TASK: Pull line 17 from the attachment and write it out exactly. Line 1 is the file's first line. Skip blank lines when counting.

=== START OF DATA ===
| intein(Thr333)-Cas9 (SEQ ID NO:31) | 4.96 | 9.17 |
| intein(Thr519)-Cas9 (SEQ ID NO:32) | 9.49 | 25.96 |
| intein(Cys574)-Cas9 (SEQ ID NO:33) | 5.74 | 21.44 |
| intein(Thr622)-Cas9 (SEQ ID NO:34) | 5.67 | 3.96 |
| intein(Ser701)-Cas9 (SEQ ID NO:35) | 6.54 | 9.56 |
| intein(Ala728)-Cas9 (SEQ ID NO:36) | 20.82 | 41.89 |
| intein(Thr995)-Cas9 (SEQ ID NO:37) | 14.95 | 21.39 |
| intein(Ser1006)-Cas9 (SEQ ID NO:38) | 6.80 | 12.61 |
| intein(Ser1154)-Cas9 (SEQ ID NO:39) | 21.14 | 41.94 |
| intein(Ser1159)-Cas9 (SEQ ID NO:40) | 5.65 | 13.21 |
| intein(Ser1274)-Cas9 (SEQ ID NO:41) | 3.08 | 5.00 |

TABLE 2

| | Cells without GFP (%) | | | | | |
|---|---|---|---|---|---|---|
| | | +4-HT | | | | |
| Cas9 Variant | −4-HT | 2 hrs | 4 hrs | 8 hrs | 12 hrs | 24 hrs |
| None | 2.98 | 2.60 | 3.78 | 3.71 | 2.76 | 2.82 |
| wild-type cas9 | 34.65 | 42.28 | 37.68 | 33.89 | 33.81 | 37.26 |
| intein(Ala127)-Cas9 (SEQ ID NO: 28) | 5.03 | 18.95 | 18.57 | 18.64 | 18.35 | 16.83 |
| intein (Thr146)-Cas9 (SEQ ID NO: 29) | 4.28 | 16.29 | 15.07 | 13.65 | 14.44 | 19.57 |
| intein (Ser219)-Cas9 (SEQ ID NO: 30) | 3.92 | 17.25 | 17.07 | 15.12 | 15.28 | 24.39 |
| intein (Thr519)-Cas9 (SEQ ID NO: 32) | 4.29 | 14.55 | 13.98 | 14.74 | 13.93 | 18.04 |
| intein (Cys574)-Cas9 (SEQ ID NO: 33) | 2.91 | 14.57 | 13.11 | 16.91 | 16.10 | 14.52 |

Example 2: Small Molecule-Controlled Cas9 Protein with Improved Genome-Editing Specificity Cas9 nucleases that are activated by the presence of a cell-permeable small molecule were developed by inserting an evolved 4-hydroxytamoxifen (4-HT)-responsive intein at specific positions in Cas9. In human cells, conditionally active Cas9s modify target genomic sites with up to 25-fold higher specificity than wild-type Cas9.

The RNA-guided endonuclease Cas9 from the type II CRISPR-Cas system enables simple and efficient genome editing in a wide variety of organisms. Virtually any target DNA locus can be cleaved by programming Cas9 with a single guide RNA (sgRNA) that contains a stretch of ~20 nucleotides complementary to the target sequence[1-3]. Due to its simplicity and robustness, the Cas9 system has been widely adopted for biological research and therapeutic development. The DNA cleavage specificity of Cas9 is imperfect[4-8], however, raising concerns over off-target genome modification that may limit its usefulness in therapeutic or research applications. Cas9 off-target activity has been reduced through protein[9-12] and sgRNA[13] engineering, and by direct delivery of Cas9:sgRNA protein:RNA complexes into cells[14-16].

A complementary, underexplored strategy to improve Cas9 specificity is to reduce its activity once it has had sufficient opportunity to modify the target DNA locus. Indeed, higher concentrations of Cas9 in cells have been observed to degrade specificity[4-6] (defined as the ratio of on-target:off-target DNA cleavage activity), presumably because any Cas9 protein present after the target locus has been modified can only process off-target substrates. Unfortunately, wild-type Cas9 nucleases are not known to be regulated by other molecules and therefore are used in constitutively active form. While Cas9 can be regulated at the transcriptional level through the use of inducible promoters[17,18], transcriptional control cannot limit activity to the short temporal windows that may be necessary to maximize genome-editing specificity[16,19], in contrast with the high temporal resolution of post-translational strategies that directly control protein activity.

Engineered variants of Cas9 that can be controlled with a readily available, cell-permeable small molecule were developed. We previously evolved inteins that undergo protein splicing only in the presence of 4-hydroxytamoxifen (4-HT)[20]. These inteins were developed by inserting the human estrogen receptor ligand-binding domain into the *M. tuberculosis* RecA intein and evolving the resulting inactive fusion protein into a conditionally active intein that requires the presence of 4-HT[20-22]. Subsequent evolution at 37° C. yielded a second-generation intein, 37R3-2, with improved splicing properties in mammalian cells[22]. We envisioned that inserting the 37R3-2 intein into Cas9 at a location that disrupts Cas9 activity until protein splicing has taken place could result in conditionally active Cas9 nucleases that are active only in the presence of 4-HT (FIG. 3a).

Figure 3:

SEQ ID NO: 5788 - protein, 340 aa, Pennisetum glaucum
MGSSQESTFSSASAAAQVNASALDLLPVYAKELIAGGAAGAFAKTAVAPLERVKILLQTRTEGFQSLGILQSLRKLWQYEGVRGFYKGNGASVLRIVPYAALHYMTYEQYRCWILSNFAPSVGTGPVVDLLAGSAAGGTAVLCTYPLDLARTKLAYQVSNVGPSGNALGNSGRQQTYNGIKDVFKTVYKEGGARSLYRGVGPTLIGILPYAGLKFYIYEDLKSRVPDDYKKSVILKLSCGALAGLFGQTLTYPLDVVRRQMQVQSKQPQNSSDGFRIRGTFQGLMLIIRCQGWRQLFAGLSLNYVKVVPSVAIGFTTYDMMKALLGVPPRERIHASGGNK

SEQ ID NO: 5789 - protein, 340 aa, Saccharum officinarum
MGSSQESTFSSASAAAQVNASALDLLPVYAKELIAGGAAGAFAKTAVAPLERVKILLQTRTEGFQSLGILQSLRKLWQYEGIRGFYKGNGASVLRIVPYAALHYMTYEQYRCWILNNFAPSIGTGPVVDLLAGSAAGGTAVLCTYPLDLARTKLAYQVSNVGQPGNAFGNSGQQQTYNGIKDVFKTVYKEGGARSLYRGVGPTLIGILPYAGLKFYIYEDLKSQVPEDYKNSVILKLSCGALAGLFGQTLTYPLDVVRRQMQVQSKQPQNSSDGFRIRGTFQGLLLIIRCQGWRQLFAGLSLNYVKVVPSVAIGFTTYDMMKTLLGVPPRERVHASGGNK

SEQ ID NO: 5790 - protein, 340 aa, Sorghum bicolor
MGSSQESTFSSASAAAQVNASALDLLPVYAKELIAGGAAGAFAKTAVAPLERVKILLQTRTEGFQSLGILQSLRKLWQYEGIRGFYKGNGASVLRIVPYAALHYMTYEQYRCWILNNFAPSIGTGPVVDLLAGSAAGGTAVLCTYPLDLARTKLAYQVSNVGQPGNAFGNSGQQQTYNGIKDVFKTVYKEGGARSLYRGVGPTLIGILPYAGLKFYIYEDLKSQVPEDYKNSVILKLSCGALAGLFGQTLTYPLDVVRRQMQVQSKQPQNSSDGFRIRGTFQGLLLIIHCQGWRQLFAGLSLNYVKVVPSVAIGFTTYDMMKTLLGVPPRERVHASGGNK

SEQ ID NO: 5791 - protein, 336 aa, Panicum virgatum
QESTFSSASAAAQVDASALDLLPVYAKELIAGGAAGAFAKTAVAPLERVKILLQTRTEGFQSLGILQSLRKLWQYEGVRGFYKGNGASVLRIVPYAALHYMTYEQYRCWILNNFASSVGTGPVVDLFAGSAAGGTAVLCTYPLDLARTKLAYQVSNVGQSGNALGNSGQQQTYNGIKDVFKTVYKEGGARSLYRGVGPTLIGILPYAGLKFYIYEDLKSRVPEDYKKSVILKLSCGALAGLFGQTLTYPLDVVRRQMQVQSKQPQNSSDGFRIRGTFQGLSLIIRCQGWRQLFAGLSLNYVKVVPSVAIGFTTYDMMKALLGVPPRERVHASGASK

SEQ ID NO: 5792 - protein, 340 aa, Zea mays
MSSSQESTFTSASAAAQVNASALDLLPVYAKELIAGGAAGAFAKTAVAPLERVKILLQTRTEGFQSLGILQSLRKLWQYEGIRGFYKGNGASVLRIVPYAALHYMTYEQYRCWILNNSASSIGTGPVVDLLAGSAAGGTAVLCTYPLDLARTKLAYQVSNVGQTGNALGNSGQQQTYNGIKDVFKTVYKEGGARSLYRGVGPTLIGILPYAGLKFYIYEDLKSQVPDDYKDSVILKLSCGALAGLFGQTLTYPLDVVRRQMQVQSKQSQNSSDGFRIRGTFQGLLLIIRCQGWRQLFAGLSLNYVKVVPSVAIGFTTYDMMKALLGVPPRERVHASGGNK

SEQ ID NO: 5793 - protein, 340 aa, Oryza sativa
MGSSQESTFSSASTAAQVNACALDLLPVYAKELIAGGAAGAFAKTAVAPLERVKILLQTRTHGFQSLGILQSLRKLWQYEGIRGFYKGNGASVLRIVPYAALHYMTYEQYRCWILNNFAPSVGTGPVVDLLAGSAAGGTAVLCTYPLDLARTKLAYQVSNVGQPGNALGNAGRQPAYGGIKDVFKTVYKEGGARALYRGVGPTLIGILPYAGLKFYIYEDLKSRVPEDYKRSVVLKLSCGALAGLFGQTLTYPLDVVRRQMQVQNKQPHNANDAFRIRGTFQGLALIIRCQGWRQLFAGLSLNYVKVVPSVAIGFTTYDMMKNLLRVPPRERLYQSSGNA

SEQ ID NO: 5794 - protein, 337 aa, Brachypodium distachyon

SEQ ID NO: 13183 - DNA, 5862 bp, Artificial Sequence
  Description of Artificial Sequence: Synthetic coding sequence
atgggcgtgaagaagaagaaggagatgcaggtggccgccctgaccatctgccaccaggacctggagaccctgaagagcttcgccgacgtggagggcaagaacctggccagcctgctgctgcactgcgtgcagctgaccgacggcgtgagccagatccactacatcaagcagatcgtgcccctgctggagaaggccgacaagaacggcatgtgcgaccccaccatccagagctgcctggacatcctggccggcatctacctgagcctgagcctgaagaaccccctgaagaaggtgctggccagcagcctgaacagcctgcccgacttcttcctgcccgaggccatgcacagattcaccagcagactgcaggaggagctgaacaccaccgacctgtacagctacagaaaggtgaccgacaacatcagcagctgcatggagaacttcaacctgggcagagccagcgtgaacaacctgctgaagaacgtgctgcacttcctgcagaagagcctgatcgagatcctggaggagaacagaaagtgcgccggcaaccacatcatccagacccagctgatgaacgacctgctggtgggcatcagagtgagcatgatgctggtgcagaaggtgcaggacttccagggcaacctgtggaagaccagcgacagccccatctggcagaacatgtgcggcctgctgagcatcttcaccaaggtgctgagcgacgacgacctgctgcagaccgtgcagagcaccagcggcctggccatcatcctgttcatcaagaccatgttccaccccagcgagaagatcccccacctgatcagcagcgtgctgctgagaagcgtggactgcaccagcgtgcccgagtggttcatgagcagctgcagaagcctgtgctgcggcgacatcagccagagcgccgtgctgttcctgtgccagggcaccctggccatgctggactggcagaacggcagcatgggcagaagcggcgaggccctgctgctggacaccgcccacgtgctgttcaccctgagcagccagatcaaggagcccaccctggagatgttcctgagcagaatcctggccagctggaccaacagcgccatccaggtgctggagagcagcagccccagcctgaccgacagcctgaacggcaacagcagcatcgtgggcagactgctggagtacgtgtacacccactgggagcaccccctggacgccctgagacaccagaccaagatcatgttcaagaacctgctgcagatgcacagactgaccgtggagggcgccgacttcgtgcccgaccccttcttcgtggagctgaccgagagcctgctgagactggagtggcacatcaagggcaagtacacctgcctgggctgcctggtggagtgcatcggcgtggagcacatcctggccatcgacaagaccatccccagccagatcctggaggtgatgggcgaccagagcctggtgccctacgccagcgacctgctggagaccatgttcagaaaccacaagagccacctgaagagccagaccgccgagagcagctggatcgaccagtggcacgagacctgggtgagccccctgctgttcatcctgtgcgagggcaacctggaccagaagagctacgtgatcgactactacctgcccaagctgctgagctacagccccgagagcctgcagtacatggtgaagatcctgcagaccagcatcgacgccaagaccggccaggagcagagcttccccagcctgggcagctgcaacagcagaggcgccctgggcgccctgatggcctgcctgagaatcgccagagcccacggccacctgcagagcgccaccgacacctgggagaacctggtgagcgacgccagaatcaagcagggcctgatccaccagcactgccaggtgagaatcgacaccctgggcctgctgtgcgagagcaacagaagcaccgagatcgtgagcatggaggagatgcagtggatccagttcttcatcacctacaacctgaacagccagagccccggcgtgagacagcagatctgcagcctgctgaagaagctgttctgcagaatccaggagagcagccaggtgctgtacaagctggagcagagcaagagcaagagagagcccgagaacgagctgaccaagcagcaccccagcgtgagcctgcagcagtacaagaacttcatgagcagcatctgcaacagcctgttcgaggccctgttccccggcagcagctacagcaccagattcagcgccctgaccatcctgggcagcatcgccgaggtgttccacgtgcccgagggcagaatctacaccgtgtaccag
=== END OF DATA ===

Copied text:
| None | 2.98 | 2.60 | 3.78 | 3.71 | 2.76 | 2.82 |